Kansas finds its missing link in junior forward Landen Lucas
Landen Lucas moved back to Japan in sixth grade, settling in to Fukui, a coastal town of about 267,000 inhabitants. This required some adjusting. He had lived in the country until he was three, while his father played basketball in Tokyo, but he had returned to Portland, Ore., for the next eight years. At that point his mother wanted her son to have one more experience living abroad. But while Landen still spoke the language—he'd attended a Japanese immersion school in Portland—he was nevertheless an awkward adolescent and his new school had some odd rules. For starters: It allowed fighting.
Not debating or arguing. Actual fighting. "They didn't want any built-up tension," Lucas says. Tussles transpired like hockey fights: As soon as someone went down, staffers stepped in to break it up. Lucas had never seen anything like it. He also swiftly realized an 11-year-old American's predispositions don't matter when set against a custom that had been in place longer than he'd be alive.
"They don't change with the times as much," Lucas says. "They stick with something and go with it."
The same can be said of Kansas, the top overall seed, which continues its NCAA tournament run against No. 5 seed Maryland on Thursday night in the South region, and of Lucas. The 6'10" junior endured a redshirt season and a conveyor belt of big men clogging his path to playing time for three-and-a-half years. The Jayhawks, meanwhile, stuck patiently with a player they recruited as a developmental piece, discovering this year he had grown into a much-needed frontcourt complement for star senior forward Perry Ellis. Lucas has started all but one game since Jan. 19—he was among three starters who stepped aside for less-used fourth-year players on Senior Day—and the Jayhawks have won 16 of those 17 games.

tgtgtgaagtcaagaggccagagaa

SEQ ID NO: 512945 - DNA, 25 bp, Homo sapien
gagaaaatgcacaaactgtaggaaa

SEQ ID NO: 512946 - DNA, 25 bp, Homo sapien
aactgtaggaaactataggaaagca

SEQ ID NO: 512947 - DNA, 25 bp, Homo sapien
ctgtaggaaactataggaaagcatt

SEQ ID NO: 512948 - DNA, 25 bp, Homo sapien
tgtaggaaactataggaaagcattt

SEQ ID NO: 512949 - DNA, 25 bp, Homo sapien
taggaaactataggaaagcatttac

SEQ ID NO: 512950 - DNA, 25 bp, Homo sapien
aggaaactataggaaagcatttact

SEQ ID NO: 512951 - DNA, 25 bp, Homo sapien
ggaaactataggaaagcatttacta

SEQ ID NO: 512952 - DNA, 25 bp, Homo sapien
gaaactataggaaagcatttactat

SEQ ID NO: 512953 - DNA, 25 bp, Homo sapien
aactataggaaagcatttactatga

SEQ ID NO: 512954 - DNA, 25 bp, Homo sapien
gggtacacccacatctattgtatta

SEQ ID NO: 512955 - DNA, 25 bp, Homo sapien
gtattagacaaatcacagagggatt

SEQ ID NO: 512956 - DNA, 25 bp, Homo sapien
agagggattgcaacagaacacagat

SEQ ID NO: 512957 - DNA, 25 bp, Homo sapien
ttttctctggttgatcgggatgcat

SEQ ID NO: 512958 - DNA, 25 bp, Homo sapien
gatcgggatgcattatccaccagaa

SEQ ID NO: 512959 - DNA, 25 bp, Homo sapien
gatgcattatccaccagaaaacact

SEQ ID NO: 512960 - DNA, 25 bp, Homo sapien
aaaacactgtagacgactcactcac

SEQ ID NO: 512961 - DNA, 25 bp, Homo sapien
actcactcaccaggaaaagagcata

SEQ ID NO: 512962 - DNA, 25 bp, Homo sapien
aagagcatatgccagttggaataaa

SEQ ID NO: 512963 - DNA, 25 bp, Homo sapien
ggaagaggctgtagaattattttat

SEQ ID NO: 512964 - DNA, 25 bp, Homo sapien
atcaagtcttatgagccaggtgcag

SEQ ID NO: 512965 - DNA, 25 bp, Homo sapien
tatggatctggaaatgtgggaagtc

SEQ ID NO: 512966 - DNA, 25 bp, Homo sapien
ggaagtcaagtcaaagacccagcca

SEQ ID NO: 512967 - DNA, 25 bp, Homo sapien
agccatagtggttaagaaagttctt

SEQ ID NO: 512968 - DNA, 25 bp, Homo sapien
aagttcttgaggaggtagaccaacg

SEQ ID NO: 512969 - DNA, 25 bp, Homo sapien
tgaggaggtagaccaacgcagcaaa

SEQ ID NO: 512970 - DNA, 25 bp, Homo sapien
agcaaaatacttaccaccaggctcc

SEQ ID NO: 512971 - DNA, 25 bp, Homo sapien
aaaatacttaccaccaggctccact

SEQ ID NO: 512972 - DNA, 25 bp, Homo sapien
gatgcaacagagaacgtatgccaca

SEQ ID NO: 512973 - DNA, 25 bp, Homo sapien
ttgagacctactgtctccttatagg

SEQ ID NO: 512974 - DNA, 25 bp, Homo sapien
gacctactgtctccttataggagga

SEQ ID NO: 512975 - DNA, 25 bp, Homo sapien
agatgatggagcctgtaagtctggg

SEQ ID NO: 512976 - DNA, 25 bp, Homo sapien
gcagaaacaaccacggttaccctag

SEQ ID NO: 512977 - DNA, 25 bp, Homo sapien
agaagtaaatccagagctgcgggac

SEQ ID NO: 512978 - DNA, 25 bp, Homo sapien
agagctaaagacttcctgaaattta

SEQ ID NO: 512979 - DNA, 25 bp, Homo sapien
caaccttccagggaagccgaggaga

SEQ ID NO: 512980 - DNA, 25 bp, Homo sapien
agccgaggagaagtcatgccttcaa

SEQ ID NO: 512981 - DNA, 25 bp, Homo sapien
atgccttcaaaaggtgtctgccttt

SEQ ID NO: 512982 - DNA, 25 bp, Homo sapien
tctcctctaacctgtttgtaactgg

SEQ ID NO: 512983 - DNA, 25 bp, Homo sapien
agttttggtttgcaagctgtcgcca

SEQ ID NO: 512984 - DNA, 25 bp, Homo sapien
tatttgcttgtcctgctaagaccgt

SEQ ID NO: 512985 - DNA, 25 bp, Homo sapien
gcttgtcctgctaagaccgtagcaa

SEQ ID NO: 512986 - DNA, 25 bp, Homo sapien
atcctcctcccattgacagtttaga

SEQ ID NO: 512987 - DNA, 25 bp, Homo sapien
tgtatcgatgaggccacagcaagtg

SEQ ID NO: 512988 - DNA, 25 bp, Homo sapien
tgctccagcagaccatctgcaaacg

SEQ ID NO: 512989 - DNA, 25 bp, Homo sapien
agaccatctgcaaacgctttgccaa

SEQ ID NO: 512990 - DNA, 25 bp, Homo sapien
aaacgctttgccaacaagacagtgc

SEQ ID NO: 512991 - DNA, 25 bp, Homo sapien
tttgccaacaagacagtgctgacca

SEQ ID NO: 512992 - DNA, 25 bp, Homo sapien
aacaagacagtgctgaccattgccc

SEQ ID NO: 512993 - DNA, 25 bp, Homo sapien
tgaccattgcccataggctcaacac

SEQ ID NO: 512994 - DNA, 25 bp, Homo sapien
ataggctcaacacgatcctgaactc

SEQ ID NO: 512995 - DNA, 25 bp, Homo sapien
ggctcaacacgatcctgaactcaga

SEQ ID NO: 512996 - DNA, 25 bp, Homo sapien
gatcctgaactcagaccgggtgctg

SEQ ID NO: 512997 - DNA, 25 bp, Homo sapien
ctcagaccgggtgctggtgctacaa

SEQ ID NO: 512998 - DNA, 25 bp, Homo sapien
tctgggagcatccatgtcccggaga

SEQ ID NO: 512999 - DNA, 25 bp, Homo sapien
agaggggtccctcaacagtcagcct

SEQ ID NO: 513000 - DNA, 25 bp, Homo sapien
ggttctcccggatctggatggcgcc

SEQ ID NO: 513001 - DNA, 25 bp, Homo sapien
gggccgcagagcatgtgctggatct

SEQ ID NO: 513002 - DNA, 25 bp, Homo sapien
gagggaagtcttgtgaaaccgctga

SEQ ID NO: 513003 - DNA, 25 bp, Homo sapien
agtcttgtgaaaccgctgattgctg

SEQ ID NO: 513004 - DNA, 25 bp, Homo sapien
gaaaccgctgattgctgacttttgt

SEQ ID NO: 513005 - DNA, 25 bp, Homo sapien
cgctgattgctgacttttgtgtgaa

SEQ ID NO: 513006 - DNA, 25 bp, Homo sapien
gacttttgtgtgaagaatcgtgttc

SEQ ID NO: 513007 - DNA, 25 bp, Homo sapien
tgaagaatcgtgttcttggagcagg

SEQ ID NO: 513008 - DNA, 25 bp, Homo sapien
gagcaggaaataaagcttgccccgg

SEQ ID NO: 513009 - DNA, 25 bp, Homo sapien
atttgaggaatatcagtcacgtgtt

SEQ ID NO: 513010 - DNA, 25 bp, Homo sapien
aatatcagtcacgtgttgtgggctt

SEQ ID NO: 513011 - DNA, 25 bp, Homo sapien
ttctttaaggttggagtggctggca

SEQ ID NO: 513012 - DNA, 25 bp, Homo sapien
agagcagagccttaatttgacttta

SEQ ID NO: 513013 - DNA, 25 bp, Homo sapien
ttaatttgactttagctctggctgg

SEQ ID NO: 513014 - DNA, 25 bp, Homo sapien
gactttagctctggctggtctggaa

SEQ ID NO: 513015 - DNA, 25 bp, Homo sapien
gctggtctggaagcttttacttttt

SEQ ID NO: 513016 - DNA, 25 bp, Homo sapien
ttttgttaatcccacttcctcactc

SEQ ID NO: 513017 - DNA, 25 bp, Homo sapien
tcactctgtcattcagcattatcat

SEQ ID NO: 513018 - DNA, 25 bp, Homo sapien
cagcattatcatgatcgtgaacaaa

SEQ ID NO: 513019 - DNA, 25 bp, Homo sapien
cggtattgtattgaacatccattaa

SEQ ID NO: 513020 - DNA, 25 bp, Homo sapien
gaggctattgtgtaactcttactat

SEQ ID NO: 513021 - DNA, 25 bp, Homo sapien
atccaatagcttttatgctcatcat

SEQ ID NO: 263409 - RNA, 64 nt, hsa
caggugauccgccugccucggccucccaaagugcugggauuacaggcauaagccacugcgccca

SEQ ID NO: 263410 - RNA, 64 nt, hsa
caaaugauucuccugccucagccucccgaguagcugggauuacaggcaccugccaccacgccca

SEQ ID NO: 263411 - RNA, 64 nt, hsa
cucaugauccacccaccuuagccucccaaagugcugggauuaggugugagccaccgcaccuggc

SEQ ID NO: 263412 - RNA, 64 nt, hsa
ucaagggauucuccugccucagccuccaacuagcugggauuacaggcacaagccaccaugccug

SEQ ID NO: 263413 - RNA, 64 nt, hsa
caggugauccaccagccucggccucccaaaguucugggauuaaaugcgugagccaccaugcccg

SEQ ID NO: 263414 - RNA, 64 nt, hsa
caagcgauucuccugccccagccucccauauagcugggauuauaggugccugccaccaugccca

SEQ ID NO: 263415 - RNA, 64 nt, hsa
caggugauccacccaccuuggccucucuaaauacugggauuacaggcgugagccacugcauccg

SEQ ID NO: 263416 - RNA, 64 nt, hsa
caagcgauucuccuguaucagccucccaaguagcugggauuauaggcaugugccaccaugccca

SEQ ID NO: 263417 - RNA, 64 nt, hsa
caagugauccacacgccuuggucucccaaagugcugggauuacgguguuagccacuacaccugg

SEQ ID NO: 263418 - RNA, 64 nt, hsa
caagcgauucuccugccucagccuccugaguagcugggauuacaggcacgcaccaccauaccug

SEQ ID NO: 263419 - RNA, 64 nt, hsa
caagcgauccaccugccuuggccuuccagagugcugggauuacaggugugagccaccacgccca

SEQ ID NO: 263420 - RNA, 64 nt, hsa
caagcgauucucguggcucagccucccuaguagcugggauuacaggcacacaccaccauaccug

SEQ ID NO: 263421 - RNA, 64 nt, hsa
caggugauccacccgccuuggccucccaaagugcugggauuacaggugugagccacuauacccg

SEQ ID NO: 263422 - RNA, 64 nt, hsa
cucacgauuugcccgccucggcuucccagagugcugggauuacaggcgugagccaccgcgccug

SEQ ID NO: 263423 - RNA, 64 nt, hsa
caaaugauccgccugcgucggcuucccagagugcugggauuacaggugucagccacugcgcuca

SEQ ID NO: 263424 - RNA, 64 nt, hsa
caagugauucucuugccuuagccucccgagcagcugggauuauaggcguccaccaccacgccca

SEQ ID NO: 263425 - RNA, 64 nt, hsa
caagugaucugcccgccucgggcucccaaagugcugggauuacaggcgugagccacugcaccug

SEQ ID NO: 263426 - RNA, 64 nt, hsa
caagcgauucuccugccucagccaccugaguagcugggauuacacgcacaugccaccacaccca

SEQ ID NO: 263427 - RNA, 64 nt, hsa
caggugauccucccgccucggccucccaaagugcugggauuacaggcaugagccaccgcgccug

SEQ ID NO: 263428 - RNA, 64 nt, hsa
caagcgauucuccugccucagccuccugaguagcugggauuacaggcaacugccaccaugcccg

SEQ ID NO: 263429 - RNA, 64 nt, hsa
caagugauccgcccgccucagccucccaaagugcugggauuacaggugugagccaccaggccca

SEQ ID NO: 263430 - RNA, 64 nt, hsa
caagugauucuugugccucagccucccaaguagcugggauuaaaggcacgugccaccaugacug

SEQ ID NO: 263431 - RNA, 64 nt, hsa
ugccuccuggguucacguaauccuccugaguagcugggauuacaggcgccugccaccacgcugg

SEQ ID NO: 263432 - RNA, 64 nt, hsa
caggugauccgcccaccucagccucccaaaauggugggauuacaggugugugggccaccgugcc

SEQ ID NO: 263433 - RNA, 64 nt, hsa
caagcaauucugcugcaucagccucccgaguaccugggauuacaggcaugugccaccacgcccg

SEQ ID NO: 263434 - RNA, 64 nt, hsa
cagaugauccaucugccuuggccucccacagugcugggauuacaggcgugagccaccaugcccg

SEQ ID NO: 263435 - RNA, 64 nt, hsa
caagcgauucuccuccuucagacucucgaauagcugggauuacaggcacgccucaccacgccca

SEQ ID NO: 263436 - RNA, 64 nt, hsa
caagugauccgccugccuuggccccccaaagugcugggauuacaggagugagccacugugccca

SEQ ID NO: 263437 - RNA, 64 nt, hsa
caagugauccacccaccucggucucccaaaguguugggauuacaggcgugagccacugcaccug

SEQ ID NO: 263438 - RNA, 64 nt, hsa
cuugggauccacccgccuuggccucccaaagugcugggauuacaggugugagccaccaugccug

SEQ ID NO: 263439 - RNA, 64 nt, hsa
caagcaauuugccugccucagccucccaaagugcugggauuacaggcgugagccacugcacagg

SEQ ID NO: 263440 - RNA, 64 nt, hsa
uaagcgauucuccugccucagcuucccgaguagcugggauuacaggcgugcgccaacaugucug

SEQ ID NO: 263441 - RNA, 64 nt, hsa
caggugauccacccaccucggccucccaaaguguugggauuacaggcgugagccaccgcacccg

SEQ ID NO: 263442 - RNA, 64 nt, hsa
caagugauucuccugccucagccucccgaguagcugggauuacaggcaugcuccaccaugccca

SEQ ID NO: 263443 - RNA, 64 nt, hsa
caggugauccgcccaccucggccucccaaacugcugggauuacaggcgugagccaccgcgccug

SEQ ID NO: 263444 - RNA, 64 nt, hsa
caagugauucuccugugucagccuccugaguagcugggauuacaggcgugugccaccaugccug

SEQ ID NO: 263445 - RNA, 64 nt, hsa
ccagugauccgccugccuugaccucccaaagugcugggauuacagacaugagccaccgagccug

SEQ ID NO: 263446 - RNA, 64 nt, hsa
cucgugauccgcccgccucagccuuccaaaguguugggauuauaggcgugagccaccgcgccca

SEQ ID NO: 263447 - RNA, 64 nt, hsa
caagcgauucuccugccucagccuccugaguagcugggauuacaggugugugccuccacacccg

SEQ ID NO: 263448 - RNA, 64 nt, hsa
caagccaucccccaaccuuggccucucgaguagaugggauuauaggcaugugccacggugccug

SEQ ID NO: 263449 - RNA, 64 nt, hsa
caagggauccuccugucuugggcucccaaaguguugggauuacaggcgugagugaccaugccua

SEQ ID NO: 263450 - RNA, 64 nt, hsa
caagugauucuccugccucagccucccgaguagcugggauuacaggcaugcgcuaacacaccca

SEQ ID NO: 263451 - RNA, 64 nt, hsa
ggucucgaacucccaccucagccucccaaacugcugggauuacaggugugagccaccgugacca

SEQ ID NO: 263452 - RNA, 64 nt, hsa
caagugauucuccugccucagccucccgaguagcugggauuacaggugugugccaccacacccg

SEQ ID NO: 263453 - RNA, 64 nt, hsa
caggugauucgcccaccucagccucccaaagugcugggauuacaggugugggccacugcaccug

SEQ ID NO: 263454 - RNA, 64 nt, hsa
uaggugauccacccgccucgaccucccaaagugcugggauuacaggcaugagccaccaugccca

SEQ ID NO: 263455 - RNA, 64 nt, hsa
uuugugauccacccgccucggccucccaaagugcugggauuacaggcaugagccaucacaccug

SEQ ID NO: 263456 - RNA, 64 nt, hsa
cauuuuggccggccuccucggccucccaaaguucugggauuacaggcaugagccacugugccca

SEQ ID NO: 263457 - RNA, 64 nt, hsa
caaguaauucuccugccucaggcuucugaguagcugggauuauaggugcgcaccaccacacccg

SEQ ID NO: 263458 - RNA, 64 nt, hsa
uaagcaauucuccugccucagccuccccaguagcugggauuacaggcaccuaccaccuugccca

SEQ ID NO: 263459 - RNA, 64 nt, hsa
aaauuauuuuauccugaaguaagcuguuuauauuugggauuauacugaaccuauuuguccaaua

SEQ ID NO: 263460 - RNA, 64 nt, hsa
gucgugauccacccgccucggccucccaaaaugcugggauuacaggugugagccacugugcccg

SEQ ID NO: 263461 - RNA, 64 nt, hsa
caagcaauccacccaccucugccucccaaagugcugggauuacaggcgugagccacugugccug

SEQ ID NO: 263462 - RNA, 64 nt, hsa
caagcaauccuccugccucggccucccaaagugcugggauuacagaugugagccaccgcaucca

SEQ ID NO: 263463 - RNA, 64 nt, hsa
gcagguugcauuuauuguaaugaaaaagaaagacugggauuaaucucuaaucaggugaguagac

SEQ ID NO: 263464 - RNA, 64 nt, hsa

Lucas's numbers (5.5 points, 6.5 rebounds per game) aren't spectacular, but those too require some translation. Lucas's defensive rating (91.5) is the second-best of any Kansas player with at least 300 minutes. His total rebound percentage (21.0) leads the team. He was named All-Big 12 honorable mention by the league's coaches, and he piled up 22 points and 20 rebounds in two NCAA tournament wins in Des Moines.
"He's been our best low-post defender and our best rebounder on both ends and probably the smartest player we have," Jayhawks coach Bill Self says. "He's been there to anchor us on both ends. I think he's probably been as big of a reason why we have played better of late as anybody, just because the guys trust him and enjoy playing with him a lot."